For people just starting out, it's a great way to network. It's not threatening to send an invite receive one. And people are only there for one thing- networking. For people who've been in the business a while, it's great for getting back in touch. I've also been able to contact sources through LinkedIn. Finally, you can pose questions for other members to answer and/or answer questions others have posed. Cool stuff! http://www.linkedin.com/

Thursday, September 20, 2007

Time is Not on Your Side

Timing a show is tough. You get thirty minutes or an hour whether there's news or not. And you have to be out exactly on time, not a second earlier or later. Unfortunately, not everyone in your show is concerned about being off on time. In fact, it's probably fair to say no one is.

Let's start with reporters. Insist they stick to the time you give them unless it's approved ahead of time. Make sure you let them know you're willing to give them extra, as long as they get to you early (breaking news obviously has different rules). Make them give you something for that time. Is the mother crying? Flames? Or just more blah, blah, blah? As you work with reporters, you'll get a sense of which ones will make it worth your while and which ones are just too in love with their copy to cut it. If they dump it in your lap and say "I just don't know where to cut," give an evil grin and work your magic.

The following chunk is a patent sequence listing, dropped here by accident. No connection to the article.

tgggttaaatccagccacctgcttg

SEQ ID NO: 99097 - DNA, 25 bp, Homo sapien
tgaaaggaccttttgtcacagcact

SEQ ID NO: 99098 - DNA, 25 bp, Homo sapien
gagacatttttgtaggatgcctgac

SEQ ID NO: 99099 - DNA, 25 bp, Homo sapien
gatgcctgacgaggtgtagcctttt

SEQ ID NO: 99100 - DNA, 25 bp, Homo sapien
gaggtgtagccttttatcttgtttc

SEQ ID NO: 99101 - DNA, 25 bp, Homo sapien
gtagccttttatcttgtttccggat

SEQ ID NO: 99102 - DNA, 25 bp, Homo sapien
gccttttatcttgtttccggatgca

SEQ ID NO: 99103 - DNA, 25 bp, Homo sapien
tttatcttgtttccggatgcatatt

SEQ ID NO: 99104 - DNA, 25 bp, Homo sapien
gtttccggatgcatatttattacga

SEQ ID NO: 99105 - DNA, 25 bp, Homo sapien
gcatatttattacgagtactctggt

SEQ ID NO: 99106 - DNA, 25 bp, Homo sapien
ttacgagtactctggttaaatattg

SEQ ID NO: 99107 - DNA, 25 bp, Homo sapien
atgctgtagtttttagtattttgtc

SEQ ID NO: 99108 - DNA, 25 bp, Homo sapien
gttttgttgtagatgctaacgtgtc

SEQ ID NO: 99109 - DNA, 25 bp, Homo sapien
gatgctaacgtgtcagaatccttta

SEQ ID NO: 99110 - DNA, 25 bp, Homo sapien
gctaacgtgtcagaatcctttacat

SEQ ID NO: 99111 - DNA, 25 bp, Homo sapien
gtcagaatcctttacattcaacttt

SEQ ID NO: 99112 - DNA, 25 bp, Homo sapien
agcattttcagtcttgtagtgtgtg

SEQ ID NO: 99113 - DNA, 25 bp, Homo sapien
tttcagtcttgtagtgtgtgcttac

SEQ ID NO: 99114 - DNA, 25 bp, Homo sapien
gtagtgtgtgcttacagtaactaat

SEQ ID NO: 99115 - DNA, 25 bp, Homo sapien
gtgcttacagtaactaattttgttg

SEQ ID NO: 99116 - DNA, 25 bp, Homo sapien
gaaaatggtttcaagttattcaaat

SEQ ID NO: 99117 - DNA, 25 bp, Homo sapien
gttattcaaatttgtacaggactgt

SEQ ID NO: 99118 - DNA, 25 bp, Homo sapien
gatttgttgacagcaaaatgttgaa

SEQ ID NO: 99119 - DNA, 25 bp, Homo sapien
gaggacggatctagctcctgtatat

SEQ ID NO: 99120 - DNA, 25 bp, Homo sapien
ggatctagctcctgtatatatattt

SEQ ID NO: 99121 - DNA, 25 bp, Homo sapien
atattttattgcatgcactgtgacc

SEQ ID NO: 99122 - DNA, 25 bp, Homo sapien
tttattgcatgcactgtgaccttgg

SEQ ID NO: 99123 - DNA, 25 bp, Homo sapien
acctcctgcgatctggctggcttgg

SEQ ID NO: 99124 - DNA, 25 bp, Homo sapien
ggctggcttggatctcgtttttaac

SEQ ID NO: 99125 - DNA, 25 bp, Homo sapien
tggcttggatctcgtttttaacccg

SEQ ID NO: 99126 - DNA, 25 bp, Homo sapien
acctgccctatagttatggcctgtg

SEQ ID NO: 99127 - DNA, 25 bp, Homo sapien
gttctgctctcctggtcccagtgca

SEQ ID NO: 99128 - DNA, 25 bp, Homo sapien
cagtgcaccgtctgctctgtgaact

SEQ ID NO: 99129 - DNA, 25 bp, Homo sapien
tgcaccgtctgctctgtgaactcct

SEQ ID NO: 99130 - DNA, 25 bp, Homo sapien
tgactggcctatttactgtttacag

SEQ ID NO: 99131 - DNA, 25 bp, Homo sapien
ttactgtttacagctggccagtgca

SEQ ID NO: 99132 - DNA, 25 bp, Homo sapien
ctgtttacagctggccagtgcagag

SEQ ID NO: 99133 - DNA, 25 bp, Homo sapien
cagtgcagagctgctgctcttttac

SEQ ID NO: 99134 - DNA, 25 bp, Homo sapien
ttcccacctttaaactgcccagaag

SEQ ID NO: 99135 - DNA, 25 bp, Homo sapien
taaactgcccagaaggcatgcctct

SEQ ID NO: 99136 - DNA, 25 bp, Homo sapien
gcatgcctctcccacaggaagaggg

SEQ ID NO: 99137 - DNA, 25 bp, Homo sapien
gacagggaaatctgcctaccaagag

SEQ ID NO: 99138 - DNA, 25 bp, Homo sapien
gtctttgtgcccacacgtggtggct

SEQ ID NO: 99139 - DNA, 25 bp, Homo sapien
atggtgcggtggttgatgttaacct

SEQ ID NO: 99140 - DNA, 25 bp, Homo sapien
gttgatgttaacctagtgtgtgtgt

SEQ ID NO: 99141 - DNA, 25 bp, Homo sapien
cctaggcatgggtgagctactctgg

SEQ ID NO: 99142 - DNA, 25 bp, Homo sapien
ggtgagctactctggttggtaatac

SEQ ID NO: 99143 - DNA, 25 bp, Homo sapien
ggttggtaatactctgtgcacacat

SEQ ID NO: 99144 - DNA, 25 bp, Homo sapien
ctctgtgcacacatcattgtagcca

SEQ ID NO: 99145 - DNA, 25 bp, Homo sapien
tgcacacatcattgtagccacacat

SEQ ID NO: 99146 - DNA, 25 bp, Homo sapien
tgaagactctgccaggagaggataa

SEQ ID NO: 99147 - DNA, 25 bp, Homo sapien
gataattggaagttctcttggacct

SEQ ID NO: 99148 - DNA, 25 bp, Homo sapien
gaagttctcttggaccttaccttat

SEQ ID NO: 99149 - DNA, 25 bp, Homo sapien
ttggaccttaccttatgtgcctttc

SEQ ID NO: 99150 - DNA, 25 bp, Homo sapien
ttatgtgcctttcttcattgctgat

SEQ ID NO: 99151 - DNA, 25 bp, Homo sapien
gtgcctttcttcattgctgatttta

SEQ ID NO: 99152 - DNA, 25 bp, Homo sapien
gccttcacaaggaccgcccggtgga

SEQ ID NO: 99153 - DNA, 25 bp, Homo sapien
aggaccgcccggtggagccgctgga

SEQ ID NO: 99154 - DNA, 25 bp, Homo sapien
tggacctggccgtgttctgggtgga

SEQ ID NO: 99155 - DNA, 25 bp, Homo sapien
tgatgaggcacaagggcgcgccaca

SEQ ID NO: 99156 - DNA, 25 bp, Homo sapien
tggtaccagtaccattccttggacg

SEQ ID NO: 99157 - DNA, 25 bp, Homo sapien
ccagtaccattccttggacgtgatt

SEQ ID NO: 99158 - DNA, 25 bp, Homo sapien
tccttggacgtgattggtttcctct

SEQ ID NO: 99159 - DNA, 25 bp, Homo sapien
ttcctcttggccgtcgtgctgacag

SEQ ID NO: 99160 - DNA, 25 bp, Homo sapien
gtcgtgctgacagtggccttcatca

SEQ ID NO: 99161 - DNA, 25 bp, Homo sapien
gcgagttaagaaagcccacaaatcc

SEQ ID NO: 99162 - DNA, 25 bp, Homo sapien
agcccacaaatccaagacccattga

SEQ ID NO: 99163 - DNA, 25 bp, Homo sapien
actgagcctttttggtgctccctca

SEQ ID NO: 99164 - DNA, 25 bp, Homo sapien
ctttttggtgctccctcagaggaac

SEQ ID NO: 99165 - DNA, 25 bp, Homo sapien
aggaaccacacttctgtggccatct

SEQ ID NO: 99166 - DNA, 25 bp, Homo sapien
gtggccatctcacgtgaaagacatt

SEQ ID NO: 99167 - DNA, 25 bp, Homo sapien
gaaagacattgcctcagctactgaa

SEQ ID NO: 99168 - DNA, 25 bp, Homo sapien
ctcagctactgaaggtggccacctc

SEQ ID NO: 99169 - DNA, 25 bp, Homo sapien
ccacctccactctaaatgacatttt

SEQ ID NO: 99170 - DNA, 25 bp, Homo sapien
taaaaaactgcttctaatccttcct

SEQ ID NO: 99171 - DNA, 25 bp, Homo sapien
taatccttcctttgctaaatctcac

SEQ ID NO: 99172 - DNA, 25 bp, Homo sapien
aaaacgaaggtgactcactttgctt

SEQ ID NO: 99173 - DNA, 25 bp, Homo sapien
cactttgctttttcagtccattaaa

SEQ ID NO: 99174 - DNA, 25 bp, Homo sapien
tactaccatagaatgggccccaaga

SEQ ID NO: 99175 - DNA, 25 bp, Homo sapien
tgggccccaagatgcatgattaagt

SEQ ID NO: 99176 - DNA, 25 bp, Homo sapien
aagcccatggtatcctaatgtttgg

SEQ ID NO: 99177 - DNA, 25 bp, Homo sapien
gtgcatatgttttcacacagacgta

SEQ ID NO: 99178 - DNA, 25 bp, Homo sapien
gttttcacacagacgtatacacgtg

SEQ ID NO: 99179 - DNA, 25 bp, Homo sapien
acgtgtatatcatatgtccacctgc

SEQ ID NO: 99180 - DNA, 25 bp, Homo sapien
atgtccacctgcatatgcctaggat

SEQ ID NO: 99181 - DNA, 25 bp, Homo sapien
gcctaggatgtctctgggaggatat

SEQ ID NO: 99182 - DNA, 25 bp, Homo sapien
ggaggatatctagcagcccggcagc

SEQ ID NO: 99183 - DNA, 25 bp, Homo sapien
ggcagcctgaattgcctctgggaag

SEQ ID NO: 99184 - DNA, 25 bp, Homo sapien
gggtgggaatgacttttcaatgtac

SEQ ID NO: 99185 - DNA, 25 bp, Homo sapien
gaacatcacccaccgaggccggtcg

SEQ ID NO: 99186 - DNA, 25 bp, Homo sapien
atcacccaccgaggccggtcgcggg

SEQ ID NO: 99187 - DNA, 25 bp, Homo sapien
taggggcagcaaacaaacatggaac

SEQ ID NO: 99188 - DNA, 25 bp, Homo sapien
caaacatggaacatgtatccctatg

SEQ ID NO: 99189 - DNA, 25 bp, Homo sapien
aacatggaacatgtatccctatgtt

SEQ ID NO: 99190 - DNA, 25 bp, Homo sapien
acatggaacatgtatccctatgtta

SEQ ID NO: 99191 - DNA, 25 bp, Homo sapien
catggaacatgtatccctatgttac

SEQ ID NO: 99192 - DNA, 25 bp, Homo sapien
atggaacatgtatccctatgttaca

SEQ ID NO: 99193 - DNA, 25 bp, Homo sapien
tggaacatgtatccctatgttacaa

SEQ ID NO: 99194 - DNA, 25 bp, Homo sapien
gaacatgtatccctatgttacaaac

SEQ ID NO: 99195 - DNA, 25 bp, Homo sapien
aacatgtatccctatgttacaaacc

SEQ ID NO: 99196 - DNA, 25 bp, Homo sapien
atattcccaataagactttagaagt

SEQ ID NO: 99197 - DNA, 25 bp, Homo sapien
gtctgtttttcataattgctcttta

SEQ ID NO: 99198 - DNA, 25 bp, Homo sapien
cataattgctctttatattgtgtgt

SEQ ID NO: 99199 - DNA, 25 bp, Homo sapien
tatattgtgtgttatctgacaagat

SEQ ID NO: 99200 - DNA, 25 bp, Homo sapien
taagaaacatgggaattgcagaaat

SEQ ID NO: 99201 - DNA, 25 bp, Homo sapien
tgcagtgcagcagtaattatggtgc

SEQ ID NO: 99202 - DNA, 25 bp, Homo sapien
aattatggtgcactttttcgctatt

A lot of times, when someone's writing, they're just too close to the subject to see what can easily be jettisoned. That's why it's always easier to edit than write. But over the years, I've noticed a couple places where you can look for easy cuts. I've heard the advice, tell them what you're going to say before you say it. When it comes to bites, that's baloney. Often the line right before a bite can be cut without losing anything and often, it adds more script to lose the line. Also, I've noticed, towards the end of packages, people start to wander. There will be a real obvious end point and then they just go on for another track or two. Get the red marker out and whack it!

Scripts are one thing. Weather and sports are another. Again, setting guidlines ahead of time can help. Go to the weather guy early and say-- what's it look like? What do you need? Should I put you in the first block? Do you need extra? Getting into this habit avoids suprises. Ask them what kind of cues they need. Some weather guys are amazing-- you don't have to cue them at all and they'll do 2:30 everytime. With others, it doesn't matter what you do and they'll go over. If you have to work with the latter on a regular basis, I feel for you. Time their segments so that you can bring it to their attention after the show. Bring the stopwatch with you.